Milan has declared a day of mourning on Monday 3 September, the day set for the funeral of its much-loved archbishop Cardinal Carlo Maria Martini who died from Parkinson’s on 31 August after many years of illness.
Martini was born in Turin in 1927, he became a Jesuit in 1944, archbishop of Milan from 1980-2002, a cardinal at the age of 57 and many looked on him as a possible pope to succeed John Paul II.
He combined a number of exceptional qualities. He was a brilliant biblical scholar, a humane archbishop able to touch those with acute sufferings such as prisoners, the unemployed, the homeless and the sick. He was a writer who could make the most complex subjects understandable, he was loved by all politicians whether from left or right, by his peers and by the media.
He could communicate his ideas in both print and on television, and at the same time he was a patient listener. He attracted the old, the suffering, the poor, the young, the academically brilliant and the well-off. He had an extensive following overseas and spent much of his early retirement studying in Jerusalem until 2008 when this became impossible because of his illness.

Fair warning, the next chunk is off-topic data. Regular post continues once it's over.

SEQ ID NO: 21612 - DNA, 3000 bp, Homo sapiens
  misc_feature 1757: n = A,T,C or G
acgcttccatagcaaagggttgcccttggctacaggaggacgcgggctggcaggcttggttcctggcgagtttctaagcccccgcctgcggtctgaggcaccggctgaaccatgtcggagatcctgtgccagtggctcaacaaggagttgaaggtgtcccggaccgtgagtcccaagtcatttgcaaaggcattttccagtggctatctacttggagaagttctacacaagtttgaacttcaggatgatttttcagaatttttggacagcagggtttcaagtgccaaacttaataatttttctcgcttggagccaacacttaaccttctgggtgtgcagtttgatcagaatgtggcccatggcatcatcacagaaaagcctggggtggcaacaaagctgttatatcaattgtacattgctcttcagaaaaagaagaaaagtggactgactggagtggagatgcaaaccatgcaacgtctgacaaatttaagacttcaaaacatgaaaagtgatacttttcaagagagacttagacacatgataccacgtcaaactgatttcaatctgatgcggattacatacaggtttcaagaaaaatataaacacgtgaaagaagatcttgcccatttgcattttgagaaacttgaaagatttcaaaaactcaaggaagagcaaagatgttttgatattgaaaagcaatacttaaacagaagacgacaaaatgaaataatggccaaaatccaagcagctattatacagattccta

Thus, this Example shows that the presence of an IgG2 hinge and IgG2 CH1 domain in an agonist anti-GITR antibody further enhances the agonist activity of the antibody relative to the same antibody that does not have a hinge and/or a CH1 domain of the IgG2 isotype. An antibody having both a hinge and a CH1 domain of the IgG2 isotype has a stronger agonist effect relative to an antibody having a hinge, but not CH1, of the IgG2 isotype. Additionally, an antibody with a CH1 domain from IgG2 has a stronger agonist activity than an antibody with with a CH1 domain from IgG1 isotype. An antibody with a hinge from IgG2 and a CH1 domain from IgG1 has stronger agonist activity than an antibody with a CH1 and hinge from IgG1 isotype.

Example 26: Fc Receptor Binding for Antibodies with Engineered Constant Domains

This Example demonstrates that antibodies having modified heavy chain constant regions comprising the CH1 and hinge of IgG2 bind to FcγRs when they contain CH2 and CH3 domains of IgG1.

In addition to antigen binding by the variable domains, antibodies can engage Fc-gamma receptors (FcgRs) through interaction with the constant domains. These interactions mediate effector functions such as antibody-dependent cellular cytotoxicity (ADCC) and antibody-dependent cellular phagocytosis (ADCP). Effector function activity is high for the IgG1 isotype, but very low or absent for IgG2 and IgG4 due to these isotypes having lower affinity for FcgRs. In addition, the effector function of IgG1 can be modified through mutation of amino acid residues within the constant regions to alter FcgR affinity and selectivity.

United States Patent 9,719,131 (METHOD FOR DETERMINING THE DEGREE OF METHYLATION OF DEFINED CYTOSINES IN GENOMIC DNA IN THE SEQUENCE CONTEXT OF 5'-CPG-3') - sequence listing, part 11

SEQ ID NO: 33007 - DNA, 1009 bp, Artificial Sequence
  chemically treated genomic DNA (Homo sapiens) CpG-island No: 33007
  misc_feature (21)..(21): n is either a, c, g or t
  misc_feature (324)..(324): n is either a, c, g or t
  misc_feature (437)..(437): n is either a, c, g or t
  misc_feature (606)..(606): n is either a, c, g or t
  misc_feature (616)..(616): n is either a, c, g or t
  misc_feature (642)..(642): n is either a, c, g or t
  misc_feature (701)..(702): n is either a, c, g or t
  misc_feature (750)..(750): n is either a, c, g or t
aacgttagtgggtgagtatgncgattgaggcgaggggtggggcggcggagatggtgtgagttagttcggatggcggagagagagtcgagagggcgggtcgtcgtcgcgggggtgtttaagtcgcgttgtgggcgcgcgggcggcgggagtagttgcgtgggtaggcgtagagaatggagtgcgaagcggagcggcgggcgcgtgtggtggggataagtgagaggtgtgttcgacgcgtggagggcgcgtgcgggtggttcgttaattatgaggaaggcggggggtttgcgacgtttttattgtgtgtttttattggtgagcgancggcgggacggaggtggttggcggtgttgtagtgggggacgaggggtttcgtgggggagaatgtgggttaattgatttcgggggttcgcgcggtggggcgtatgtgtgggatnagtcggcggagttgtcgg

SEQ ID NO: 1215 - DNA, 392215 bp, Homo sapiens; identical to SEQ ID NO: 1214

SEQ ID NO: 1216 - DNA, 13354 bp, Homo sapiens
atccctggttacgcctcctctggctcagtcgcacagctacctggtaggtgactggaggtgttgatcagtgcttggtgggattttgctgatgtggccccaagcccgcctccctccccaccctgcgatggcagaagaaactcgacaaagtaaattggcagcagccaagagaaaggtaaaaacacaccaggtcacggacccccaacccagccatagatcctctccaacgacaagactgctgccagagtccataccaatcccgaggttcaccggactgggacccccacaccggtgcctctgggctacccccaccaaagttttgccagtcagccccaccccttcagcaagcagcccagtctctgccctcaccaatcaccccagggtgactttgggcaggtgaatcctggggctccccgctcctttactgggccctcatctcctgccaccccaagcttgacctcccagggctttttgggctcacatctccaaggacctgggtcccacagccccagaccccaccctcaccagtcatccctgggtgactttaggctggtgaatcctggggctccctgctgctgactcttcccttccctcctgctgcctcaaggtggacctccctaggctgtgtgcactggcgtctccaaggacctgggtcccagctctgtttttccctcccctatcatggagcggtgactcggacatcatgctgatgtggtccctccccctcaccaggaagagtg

He was a progressive thinker, often ahead of his time, but he never ran foul of the more conservative wings of the Roman Catholic Church. He was also a foremost exponent of inter-faith dialogue as well as having a following among those who had no faith at all.
The body of Cardinal Martini will lie in Milan’s cathedral from Saturday 1 September for people to pay their respects. The cathedral will be kept open all night between Saturday and Sunday. The funeral is on Monday at 16.00 and afterwards Cardinal Martini will be buried in the cathedral in a private ceremony conducted by the present archbishop of the city Angelo Scola.